Question: Do IRA’s receive a so-called based adjustment at the owner’s death?
Answer: No, after an IRA owner dies, if he or she had tax basis, his beneficiary inherits that basis (not a basis adjustment based on a new fair market value), which is distributed tax free using the so-called ‘pro-rata’ tax rule. During an individual’s lifetime, after-tax funds can generally be added to an IRA in one of two ways; either via nondeductible IRA contributions or via rollovers of after-tax retirement funds that were previously held in an employer plan, such as a 401(k) or 403(b). Once accumulated inside an IRA, after-tax funds, for the most part, can generally only be withdrawn under the “pro-rata” rule, where each dollar withdrawn is partially taxable and partially tax free based on the percentage of after-tax money in the account. (incidentally, the pro-rata calculation is done on IRS Form 8606 and the pro-rata rule applies separately to owned IRA accounts and inherited IRA accounts). If the beneficiary has her own (self-funded) IRAs for instance, they are not factored into the pro-rata calculation for the inherited IRA. I find that some advisors don’t know to ask whether the deceased IRA owner ever made any nondeductible IRA contributions or rolled over after-tax plan funds to an IRA. This question can be investigated by looking for Form 8606 attached to one of the decedent’s returns. To claim the tax-free portion of distributions from an inherited IRA, a beneficiary will also have to file Form 8606, just as the IRA owner did. If you have any questions or would like more information please contact Steve Shane at: email@example.com | 301.575.0313.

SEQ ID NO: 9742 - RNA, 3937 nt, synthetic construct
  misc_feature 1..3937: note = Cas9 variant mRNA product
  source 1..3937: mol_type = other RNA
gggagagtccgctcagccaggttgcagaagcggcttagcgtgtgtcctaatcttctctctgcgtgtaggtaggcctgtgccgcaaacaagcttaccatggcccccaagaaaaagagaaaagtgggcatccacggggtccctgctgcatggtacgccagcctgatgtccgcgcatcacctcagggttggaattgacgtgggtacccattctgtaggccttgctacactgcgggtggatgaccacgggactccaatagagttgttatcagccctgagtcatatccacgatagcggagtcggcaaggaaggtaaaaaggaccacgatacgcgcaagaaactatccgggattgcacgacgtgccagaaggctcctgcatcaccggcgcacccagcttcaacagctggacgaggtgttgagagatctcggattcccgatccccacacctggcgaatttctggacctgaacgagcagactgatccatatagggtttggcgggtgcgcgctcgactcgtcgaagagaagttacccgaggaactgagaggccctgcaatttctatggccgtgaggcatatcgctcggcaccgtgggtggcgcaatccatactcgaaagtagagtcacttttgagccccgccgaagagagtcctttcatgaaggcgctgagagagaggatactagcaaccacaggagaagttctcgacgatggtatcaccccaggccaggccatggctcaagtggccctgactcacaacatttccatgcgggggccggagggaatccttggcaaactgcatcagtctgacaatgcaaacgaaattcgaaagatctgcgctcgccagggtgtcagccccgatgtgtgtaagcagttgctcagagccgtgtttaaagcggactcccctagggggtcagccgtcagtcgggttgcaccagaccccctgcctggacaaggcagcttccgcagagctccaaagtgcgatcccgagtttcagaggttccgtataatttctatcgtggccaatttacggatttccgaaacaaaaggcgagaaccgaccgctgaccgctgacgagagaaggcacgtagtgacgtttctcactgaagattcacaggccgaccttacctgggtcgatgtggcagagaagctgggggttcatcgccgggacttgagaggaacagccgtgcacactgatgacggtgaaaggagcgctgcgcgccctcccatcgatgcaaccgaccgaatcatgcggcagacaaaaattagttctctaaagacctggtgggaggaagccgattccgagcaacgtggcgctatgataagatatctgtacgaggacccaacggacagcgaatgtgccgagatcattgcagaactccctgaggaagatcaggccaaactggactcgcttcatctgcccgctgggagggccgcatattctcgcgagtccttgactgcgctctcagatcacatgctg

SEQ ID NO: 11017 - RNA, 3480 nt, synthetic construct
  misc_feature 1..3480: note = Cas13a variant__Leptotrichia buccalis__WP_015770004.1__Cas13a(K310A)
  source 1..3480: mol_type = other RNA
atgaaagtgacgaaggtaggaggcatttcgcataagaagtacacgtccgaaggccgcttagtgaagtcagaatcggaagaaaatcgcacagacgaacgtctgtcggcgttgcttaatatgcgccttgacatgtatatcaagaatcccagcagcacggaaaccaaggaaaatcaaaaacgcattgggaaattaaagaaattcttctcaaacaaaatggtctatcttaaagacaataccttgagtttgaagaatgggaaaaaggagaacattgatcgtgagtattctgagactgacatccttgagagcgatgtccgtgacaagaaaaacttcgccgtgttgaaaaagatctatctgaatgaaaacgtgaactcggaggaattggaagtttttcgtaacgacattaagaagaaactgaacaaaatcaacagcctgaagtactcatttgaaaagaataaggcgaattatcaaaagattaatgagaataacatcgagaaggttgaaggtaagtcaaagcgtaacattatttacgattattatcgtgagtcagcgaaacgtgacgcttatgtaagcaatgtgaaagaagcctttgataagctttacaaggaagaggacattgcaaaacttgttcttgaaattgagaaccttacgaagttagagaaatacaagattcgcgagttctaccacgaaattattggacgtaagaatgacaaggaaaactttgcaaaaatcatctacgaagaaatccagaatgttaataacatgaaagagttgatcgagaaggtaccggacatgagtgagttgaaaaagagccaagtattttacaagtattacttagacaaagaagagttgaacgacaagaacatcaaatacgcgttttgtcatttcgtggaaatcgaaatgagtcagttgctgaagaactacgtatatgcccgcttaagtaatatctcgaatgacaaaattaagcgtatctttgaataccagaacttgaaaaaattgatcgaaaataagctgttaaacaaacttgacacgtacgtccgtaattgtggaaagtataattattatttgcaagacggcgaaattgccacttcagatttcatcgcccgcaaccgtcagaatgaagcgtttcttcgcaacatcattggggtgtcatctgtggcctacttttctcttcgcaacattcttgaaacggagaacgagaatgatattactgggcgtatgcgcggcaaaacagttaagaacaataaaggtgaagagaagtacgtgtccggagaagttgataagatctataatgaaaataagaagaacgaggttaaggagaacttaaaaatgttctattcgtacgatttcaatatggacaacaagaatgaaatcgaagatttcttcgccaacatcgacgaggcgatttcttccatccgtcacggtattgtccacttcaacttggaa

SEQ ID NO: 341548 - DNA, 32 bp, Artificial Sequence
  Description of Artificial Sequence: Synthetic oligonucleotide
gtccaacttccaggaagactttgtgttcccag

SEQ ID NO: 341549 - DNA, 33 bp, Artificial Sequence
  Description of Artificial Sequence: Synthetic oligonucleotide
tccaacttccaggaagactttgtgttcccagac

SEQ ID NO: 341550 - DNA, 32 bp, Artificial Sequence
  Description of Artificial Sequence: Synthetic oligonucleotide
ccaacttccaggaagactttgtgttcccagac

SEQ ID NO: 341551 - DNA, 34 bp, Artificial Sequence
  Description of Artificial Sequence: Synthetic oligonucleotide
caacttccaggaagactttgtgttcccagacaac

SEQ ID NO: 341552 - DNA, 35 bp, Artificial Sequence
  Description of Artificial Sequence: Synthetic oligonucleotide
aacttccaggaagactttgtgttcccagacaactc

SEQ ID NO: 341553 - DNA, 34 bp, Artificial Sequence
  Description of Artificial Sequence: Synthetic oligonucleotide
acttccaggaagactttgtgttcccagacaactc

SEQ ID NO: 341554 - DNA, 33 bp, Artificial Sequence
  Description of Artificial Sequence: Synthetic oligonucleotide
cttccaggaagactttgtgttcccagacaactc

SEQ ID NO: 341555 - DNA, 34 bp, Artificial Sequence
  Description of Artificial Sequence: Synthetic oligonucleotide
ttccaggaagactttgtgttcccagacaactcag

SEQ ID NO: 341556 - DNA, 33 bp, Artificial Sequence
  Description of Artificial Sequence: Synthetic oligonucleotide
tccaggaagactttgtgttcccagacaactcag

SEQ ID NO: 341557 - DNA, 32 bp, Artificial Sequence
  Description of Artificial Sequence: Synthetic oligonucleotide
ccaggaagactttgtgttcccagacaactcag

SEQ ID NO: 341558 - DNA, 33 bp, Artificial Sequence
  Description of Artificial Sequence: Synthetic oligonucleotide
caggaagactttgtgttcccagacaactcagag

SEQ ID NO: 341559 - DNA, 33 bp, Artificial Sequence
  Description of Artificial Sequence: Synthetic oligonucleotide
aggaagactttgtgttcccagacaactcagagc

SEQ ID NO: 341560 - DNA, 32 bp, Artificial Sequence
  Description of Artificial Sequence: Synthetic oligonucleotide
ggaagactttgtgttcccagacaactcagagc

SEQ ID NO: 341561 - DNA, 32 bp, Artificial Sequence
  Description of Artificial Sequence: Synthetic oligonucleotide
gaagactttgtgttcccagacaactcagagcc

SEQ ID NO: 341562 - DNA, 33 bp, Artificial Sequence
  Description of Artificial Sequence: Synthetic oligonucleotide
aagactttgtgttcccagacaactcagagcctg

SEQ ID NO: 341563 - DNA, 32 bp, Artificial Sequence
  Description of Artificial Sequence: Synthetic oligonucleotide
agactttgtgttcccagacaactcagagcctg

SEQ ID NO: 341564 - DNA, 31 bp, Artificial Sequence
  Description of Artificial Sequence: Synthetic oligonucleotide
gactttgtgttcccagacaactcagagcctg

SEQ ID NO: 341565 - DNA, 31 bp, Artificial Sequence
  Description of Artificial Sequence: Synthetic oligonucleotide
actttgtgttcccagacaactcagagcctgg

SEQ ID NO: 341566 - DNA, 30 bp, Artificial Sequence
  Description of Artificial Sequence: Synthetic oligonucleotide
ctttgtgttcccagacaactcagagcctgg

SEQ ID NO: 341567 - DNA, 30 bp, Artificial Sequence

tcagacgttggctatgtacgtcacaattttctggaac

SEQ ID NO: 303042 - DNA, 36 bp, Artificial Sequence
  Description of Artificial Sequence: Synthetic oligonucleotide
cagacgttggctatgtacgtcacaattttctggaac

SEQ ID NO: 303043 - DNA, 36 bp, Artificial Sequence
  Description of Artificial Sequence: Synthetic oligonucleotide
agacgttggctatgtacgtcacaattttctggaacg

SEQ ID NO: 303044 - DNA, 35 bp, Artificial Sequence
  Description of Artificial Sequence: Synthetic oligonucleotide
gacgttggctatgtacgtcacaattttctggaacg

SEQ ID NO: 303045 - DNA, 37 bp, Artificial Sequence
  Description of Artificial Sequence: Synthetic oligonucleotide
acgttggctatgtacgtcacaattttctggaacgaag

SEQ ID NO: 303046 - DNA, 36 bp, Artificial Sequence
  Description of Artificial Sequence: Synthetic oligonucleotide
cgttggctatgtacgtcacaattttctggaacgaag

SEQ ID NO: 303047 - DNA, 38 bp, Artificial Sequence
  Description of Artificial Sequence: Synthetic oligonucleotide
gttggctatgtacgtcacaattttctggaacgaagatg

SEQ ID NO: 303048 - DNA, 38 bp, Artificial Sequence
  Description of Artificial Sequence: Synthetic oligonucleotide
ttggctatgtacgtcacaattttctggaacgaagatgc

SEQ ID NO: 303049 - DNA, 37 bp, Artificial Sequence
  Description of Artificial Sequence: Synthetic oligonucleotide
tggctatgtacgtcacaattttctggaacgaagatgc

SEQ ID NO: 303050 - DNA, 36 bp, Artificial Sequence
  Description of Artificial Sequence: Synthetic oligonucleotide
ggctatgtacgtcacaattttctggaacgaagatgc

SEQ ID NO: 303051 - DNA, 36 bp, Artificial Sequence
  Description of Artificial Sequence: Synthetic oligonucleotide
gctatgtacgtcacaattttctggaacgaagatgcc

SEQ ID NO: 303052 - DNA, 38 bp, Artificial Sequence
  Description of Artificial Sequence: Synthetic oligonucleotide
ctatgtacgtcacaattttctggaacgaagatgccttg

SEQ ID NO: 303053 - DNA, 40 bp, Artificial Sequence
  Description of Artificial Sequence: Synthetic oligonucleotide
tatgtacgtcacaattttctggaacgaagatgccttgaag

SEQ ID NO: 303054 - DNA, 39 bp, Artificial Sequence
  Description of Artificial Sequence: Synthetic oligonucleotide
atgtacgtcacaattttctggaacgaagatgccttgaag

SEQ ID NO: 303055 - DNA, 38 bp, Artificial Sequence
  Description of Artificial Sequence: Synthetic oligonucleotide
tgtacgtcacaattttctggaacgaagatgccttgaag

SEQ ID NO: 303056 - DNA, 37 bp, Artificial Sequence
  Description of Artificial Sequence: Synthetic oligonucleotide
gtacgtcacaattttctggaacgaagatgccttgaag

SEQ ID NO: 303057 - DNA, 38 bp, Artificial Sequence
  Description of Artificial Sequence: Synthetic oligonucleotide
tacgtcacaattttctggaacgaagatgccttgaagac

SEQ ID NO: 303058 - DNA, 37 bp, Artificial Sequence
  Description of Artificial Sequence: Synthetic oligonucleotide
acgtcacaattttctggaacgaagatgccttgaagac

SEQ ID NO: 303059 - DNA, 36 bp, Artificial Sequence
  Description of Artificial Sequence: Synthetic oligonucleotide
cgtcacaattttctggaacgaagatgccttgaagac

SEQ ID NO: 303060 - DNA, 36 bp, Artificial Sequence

ABOUT STEVE SHANE
Steve Shane provides strategic counseling to clients in need of estate administration, charitable giving and business continuity planning while minimizing estate, gift, and generation-skipping transfer tax exposure. He offers legal guidance to clients on asset protection and the proper disposition of assets in accordance with the client’s objectives, while employing tax planning techniques such as the use of irrevocable trusts, life insurance planning, lifetime gifts and charitable trust. He is also experienced with drafting documents for business planning, the incorporation and application for exemption for Private Foundations and the administration of decedents’ estates. You can also connect with Offit Kurman via Facebook, Twitter, Google+, YouTube, and LinkedIn. WASHINGTON | BALTIMORE | FREDERICK | PHILADELPHIA | WILMINGTON | VIRGINIA